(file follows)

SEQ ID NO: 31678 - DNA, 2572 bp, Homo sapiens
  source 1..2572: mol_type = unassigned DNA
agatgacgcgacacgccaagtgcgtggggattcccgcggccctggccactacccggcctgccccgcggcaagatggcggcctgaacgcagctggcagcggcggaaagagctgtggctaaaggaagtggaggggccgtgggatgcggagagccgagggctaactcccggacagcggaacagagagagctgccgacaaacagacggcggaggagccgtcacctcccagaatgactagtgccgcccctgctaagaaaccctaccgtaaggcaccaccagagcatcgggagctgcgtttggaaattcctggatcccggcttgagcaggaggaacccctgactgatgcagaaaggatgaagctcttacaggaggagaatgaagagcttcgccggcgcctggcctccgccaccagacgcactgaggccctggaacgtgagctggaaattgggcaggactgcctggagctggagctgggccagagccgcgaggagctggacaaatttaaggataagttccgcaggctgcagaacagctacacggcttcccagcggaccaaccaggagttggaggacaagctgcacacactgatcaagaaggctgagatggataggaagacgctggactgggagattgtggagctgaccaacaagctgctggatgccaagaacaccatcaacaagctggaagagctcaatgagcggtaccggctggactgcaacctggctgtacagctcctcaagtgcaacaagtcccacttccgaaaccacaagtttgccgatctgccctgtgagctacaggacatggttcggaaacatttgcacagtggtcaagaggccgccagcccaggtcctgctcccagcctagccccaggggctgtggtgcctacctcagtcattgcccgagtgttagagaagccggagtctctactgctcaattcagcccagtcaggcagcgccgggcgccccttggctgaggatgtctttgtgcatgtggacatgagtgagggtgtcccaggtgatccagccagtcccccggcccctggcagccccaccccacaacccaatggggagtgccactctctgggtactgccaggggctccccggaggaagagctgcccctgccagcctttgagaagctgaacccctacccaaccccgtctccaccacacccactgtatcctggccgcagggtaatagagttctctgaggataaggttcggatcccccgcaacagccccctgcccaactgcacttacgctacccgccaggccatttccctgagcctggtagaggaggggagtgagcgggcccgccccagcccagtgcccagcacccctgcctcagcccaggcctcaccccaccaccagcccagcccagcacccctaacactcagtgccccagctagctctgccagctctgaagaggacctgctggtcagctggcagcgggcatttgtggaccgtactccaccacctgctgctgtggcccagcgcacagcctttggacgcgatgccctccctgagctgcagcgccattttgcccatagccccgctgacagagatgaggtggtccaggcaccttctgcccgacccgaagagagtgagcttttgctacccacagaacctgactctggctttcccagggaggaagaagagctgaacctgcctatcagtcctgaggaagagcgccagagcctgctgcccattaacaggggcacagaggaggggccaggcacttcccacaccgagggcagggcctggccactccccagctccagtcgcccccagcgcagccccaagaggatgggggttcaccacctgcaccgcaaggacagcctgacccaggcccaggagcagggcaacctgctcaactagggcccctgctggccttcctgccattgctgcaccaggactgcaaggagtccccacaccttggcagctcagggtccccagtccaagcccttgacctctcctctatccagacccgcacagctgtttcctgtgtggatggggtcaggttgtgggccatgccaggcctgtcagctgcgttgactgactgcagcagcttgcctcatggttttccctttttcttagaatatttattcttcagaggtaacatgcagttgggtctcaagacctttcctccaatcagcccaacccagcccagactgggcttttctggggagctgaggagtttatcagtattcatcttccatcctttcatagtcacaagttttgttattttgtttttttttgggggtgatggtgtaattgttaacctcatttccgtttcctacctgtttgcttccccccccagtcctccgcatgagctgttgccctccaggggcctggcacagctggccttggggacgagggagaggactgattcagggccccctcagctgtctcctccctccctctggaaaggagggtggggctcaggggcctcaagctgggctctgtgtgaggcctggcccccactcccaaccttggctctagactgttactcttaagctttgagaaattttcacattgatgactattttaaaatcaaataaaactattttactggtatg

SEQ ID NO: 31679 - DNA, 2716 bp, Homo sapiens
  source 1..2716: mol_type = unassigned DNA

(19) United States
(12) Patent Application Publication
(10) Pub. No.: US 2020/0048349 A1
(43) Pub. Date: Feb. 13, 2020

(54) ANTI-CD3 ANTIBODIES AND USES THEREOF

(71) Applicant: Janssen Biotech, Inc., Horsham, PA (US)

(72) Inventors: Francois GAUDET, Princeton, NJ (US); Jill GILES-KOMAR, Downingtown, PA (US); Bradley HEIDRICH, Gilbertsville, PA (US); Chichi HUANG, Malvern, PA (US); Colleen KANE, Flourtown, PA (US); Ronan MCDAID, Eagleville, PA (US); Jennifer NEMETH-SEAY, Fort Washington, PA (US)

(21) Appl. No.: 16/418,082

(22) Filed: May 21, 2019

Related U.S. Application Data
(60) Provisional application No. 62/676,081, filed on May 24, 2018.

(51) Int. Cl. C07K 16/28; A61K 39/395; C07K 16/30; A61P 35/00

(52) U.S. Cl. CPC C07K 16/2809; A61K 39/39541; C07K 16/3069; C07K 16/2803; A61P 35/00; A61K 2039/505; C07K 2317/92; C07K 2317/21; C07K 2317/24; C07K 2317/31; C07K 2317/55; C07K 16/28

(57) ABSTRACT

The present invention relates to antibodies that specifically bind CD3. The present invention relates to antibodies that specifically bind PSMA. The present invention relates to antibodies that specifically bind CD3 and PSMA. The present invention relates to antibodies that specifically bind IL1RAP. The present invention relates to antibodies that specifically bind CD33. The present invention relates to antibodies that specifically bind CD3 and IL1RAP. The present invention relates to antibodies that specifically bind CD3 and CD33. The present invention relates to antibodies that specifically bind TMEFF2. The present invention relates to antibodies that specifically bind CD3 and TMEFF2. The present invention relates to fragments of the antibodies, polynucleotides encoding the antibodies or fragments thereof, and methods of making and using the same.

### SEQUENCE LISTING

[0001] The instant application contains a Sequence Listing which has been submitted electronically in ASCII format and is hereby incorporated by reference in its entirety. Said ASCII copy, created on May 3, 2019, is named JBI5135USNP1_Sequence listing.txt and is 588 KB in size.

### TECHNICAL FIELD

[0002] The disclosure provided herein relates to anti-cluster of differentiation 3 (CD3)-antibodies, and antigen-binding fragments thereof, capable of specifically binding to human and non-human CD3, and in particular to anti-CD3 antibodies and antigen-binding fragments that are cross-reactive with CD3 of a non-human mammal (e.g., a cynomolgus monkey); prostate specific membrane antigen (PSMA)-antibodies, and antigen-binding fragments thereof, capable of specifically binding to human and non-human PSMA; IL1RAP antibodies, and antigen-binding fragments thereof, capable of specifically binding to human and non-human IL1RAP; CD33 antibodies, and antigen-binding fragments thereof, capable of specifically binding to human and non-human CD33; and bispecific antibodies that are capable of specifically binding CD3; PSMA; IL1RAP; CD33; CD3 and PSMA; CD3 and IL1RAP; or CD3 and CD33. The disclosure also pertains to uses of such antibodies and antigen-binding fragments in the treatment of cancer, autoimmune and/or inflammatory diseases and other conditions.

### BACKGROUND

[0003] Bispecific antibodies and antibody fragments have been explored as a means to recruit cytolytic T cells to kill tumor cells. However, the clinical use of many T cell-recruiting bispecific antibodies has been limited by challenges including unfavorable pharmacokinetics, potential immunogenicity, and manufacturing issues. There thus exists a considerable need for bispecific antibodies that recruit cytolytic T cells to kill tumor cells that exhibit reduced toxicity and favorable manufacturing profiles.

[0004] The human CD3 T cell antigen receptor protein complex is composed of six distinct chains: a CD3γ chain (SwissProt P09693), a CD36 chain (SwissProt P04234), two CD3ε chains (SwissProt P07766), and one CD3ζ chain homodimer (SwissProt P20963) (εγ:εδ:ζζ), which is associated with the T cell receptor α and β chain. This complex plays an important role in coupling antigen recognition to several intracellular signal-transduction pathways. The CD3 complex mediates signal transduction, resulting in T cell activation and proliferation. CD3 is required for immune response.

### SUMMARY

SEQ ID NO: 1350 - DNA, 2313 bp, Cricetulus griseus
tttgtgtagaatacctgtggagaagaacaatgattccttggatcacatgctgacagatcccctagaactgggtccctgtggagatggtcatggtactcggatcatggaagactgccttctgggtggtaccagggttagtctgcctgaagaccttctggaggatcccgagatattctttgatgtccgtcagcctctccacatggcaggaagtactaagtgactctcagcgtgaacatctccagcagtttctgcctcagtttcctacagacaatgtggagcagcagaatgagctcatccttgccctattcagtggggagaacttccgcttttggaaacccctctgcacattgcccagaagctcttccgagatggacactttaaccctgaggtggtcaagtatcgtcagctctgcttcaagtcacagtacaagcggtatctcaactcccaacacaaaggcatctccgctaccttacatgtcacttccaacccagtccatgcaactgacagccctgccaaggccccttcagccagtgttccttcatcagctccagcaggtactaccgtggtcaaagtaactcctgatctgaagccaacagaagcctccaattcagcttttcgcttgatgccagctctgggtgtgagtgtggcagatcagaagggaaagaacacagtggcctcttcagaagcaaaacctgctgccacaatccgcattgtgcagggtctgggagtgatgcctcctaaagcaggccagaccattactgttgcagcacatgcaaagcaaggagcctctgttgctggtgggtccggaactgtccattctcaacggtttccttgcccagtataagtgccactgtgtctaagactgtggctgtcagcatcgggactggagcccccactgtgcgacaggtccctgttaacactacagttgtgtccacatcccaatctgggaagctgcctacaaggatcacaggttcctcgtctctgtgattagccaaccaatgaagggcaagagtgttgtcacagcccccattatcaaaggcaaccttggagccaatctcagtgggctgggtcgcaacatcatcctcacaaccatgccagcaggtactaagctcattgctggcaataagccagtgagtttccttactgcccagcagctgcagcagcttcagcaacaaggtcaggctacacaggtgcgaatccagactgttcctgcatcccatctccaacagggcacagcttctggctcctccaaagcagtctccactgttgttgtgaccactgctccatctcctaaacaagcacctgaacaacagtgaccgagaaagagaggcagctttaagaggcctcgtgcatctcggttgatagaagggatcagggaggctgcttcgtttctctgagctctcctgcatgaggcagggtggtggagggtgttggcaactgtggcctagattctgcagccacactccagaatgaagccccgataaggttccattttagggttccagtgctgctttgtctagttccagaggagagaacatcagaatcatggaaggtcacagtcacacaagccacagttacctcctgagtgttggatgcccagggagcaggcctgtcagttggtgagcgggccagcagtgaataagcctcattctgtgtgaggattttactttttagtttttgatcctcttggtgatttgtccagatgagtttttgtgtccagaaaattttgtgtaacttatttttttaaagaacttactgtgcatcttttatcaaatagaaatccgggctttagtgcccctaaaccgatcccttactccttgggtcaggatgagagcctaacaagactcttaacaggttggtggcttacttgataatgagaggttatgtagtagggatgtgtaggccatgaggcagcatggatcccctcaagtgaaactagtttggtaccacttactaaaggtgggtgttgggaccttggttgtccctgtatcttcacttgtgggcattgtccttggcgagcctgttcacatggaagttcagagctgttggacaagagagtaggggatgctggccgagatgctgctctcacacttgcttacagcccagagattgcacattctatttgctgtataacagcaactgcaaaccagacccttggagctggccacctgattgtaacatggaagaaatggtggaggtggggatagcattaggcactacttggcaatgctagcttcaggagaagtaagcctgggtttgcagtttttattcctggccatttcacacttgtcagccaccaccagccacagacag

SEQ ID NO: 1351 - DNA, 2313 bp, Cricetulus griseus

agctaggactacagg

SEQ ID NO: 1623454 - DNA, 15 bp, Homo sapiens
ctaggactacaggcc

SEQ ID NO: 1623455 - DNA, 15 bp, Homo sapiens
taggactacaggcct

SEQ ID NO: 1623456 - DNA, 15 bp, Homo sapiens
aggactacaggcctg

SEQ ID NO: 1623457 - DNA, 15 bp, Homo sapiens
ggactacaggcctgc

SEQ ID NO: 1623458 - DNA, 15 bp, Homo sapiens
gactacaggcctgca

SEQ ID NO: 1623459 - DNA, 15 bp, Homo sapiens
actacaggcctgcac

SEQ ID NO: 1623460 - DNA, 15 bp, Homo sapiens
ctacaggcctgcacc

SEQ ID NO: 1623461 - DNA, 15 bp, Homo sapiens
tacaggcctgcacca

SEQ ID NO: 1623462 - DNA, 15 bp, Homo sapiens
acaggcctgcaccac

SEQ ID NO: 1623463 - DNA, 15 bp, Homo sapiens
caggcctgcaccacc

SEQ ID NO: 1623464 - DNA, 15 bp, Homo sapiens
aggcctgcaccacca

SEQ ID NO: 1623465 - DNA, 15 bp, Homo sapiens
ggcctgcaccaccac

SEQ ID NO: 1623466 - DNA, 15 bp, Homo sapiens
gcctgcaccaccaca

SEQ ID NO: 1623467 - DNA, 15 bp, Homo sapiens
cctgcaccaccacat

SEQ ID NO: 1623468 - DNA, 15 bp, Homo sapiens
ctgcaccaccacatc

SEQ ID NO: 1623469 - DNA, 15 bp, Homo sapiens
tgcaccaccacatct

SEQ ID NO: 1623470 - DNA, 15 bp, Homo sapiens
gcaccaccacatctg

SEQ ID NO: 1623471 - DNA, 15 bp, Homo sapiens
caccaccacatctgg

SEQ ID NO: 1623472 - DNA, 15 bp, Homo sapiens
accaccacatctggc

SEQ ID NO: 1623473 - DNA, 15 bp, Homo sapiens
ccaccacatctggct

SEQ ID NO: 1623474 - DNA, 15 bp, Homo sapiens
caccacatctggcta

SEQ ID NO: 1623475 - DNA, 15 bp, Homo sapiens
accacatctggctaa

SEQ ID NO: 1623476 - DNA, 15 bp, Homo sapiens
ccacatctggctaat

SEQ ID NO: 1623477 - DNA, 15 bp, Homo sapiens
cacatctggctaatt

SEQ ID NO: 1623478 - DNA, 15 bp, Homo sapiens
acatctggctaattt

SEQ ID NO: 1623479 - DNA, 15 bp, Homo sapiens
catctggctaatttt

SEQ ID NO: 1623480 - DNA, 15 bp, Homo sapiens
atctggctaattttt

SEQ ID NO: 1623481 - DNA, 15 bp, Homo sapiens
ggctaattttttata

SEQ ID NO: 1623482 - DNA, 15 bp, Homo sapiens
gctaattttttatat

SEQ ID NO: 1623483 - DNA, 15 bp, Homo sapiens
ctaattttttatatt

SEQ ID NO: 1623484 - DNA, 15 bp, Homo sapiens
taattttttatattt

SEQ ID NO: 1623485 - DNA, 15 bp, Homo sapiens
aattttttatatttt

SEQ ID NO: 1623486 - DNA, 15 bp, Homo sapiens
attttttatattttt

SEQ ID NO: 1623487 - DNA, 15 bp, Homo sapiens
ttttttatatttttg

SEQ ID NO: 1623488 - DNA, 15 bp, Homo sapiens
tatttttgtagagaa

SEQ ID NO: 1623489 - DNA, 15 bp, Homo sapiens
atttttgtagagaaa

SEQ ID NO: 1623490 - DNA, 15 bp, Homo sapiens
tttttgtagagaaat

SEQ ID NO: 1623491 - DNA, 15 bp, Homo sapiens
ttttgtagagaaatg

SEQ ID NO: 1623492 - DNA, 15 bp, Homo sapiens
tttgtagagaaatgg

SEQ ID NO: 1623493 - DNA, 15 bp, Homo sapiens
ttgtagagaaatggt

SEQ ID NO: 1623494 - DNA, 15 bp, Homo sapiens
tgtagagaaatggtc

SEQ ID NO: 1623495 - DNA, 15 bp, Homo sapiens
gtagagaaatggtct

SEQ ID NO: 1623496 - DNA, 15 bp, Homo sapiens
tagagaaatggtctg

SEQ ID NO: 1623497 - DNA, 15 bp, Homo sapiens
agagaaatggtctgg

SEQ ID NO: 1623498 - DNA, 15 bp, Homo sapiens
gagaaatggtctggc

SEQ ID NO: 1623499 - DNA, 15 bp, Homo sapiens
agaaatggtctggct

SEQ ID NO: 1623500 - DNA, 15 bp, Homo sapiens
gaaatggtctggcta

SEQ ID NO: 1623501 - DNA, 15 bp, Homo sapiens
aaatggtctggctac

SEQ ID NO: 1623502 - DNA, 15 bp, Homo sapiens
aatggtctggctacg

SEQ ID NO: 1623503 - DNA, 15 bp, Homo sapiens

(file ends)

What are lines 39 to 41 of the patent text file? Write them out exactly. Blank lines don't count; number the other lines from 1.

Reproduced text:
SEQ ID NO: 1623457 - DNA, 15 bp, Homo sapiens
ggactacaggcctgc

SEQ ID NO: 1623458 - DNA, 15 bp, Homo sapiens